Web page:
A sermon preached by Rev. Dr. Randle R. (Rick) Mixon
First Baptist Church, Palo Alto, CA
Sunday, February 21, 2016
Text: Genesis 28:10-19a
Have you ever set out on a long journey with a sense of urgency about reaching your destination as soon as possible? You drove farther than you had planned, pressing onward through the day. Suddenly you realized the sun had set, darkness was gathering all around you, and you were in the middle of nowhere. You could feel exhaustion inhabiting body, mind and spirit. With a sigh of relief, you settled for the first seedy motel you encountered and eventually settled into fitful sleep.
This where we find Jacob in today’s text. Admittedly, he’s a fugitive, fleeing his brother’s wrath, so the urgency of his journey is a life or death matter. And, of course, he’s walking in an area where there are no motels to be found. He’s gone as far as he can manage. Exhausted, he falls to the ground, cradling his head on the nearest stone and drifts into fitful sleep. Is it his exhaustion that troubles his slumber? the hard ground and his stone pillow? the uncertainty of his future? guilt for his past? It may well be that all this and more came into play.
Jacob’s is an important story in the history of the Hebrew people but he is not a very likable character. Some want to claim for him the archetypal role of the Trickster and there might be merit to that, but it is not hard to see that he is a scoundrel. You know the story, in conspiracy with his mother, Rebekah, he cheats his poor brother, Esau, of his birthright and his father’s blessing, both crucial to establishing his patriarchal rights as the first-born son. Whether or not Esau was a dolt or just naively trusting is irrelevant to the wickedness of his brother – and, yes, his own mother.
Esau has had enough. He’s out to get his brother. Thinking quickly, Rebekah hatches an elaborate plot for Jacob to get out of town. He should head across country to Haran, the land of her family and find a wife there among her people, lest he find himself wed to one of these awful Canaanite women as his brother was. Jacob doesn’t hesitate. He hits the road for Haran and here we find him, in the dead of the night, sleeping under the stars.
The vision he dreams, the theophany he encounters, lights up the night with angelic messengers descending and ascending a ladder or ramp that reaches all the way to heaven with God holding forth above it all. This was hardly what Jacob expected, a marked man, lying on the hard cold ground. Suddenly, the Holy One, the God of his forebears stands beside him, making promises in line with the covenant God had established with his ancestors – a great line of heirs who will bless the earth. Then, “I will be with you – yes, you, Jacob. I will keep you and I will bring you home.” Jacob can hardly believe his ears.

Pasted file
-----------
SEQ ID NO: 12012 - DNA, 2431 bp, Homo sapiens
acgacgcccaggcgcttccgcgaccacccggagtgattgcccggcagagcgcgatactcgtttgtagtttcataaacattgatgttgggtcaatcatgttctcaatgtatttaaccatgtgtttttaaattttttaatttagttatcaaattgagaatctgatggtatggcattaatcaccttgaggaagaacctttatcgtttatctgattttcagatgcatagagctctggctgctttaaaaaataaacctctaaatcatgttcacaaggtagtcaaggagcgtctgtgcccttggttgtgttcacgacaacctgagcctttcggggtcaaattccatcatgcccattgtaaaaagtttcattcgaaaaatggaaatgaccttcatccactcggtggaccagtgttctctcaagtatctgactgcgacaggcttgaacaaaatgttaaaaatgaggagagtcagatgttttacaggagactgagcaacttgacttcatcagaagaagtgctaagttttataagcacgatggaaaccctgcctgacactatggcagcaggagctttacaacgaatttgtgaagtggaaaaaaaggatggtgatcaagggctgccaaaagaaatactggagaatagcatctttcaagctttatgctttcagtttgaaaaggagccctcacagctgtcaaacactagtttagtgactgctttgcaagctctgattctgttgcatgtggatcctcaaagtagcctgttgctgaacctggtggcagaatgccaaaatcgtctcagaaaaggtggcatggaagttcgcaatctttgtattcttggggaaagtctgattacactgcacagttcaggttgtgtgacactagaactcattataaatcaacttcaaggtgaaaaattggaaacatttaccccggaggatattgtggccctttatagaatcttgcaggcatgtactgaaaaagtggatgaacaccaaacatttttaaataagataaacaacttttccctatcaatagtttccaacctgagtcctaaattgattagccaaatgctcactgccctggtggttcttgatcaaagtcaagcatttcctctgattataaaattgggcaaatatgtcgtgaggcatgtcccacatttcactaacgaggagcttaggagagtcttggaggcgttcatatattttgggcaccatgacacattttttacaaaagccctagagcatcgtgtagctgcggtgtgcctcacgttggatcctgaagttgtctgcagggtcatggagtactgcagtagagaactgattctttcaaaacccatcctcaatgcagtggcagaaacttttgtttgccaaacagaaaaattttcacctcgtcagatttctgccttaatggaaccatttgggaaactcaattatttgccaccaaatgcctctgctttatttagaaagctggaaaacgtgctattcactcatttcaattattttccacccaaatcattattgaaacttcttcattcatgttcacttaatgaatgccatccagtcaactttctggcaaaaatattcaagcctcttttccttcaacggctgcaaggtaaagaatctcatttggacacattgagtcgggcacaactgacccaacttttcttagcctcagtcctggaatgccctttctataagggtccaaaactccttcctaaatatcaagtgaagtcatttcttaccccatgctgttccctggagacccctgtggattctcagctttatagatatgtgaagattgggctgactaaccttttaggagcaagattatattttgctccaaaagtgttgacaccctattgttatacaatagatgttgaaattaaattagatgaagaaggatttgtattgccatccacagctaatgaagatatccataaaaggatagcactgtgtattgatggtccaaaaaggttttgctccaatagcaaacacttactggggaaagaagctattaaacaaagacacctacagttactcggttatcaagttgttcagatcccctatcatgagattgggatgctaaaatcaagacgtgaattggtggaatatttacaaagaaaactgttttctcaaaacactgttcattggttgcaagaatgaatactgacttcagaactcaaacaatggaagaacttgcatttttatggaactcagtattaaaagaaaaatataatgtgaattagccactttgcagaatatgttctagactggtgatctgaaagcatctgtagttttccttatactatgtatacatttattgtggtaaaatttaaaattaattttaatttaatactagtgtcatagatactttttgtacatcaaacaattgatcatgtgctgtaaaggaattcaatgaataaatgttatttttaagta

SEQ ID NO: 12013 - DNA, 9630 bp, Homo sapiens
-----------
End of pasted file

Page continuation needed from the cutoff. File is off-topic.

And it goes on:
Is this amazing grace? It surely seems so to me. Jacob has certainly not earned any favor with God. In fact, this fleeing scoundrel has had little to do with God or religion at all. He has been totally wrapped in feathering his own nest. His very name means “striver,” “usurper” or “schemer.” His whole existence had been given over to getting ahead. When he speaks to old Isaac about the Holy One, he refers to Yahweh as “your God” (Genesis 27:20). Wouldn’t he be shocked by God’s showing up, even in his dreams.
But then there is that nagging question Barbara Brown Taylor raises. “By day I can outfox questions like these,” questions that challenge conscience, questions about how I treat my sisters and brothers, questions like “who am I?” and “what am I doing here?” questions that call forth the Holy One. Looking at her own daily routine, she describes,“…racing from one appointment to the next, answering emails with red exclamation points by them, taking the suddenly sick dog to the vet, rummaging through the freezer for something to thaw for supper. By day, I am a servant of the urgent. Nothing important has a chance with me…But in the middle of the night…I am a captive audience.”
In his own little world – self-absorbed and self-serving – Jacob has made neither time nor space for God. So, God comes to him, even if God has to wait till the middle of the night to capture Jacob’s attention. In learning to walk in the dark, we run the risk of encountering God in a deeper, more intense way than we ever imagined possible. Some days it‘s the only time we’re free of the clutter that threatens to bury us. It’s the only time God can get our attention – middle of the night, lying on the hard cold ground, open and vulnerable in our sleep and in our dreams.